Last fall, I discussed Verizon’s (VZ) investment prospects in “Verizon Communications: Income Plus Potential Growth.” The next six months produced good results, with Verizon outdistancing its key competitor, AT&T (T).
Then came a stall, followed by what looked like a breakout in early July, then – surprise! Just as Ivan Seidenberg, Verizon’s long-time, strategically-focused CEO stepped down, the company dropped a bombshell: Capital expenditures were being cut 15% (see the well-titled article, “Verizon Darkens Tech Spending Picture.”) This coincident (but probably not coincidental) announcement meant meaningful growth was now off the table. Likely, this confirms the company’s growth weakness: It (like AT&T) “spends” a large proportion of its cash flow and earnings on dividends, reminiscent of the old telephone utilities, leaving too little for capital investment.
(Click charts to enlarge)
Therefore, I felt it was time to move on. However, with the stock market having fits, simply selling without buying a replacement holding ran too high a risk from being out of the market.
Enter Home Depot
Home Depot (HD
) and Lowe’s (LOW
) have been interesting stocks, driven by the market, consumer confidence and housing reports. They had also performed well, similarly to Verizon, from last October to April. Then, as they both started down with the market, Lowe’s began to underperform Home Depot.
The real enticement to initiate the trade to sell Verizon and buy Home Depot occurred over the past two weeks as stock market pessimism built, rocking companies viewed as economically sensitive. By last week, Home Depot had given up all its post-October gains (including dividends), even though it was yet to report its quarterly earnings. Hence, the company became both an attractive investment in its own right and relative to Verizon (whose high dividend yield helped it hold onto its 10% post-October gain). This week’s earnings reports support this move (“Lowe's Takes Hit on Closings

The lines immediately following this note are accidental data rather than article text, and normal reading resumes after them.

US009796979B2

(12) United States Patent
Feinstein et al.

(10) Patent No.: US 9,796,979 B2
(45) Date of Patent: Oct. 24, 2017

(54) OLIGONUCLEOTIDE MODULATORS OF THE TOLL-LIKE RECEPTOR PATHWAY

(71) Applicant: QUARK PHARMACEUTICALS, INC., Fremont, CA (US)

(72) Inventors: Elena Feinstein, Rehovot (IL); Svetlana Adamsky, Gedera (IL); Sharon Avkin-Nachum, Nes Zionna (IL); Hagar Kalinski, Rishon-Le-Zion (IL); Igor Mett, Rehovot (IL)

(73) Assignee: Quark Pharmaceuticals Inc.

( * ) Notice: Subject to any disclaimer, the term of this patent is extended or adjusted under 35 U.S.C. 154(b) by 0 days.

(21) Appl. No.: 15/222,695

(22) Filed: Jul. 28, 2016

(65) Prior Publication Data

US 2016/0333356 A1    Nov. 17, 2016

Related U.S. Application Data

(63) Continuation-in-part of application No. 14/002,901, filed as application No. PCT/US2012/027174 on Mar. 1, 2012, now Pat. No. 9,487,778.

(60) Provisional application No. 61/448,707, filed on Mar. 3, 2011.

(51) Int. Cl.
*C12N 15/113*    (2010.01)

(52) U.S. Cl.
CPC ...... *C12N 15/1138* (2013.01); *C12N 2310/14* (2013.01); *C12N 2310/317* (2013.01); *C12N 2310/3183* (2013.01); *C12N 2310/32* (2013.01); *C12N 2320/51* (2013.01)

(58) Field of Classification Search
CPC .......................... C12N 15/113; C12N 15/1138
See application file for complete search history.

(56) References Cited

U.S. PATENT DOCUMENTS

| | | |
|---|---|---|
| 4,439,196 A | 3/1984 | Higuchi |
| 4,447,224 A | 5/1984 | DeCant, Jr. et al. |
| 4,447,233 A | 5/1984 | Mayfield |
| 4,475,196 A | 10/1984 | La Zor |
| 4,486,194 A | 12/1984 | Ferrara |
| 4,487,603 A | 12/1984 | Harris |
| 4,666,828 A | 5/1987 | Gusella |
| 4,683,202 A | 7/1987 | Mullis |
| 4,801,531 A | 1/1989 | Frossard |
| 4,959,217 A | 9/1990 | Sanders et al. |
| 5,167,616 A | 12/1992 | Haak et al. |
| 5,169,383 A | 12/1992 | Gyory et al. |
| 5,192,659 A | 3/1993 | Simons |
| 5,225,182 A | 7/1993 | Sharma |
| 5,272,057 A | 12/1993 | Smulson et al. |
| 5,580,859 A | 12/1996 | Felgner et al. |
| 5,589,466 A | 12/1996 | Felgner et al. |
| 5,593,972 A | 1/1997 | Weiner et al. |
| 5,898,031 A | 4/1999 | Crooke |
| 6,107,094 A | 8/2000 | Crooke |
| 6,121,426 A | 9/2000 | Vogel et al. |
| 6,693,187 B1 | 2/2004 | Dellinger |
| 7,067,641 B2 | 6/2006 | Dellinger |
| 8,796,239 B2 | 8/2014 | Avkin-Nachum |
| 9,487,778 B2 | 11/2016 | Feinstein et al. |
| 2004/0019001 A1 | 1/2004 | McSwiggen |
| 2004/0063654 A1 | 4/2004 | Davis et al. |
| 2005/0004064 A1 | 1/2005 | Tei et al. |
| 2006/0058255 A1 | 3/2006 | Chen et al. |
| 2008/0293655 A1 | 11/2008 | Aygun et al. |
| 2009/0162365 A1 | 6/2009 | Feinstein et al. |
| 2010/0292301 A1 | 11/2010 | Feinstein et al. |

” and “Home Depot 2Q Profit Up 14%, Boosts Year Earnings View
”) in two ways. First, the obvious comparison shows Home Depot currently is winning the competitive battle. Second, Home Depot’s positive results and outlook fly in the face of the “sky is falling” visions offered by economists and others.
Verizon and Home Depot by the numbers
Want some factual basis for considering such a move? Here are the two companies’ current key measures:
Clearly, the sell-off has helped make Home Depot an especially attractive investment, both absolutely and relative to Verizon.
The bottom line
Home Depot looks like a good replacement for Verizon, offering a good dividend yield while providing a better financial picture and higher growth prospects. Worried about those predictions of a global recession and its adverse effects on the US economy? See “The 3 C’s Needed for Investment Success – Now More Than Ever
.” The best investment opportunities only occur when investors are hesitant to buy, and this is clearly one of those times. When investors return to focusing on fundamentals, companies like Home Depot will become properly valued and courageous investors will be the beneficiaries. Home Depot’s recent move on its earnings report and outlook could be the indication that the move is starting. Disclosure:
I am long HD
. Long U.S. stocks and U.S. stock funds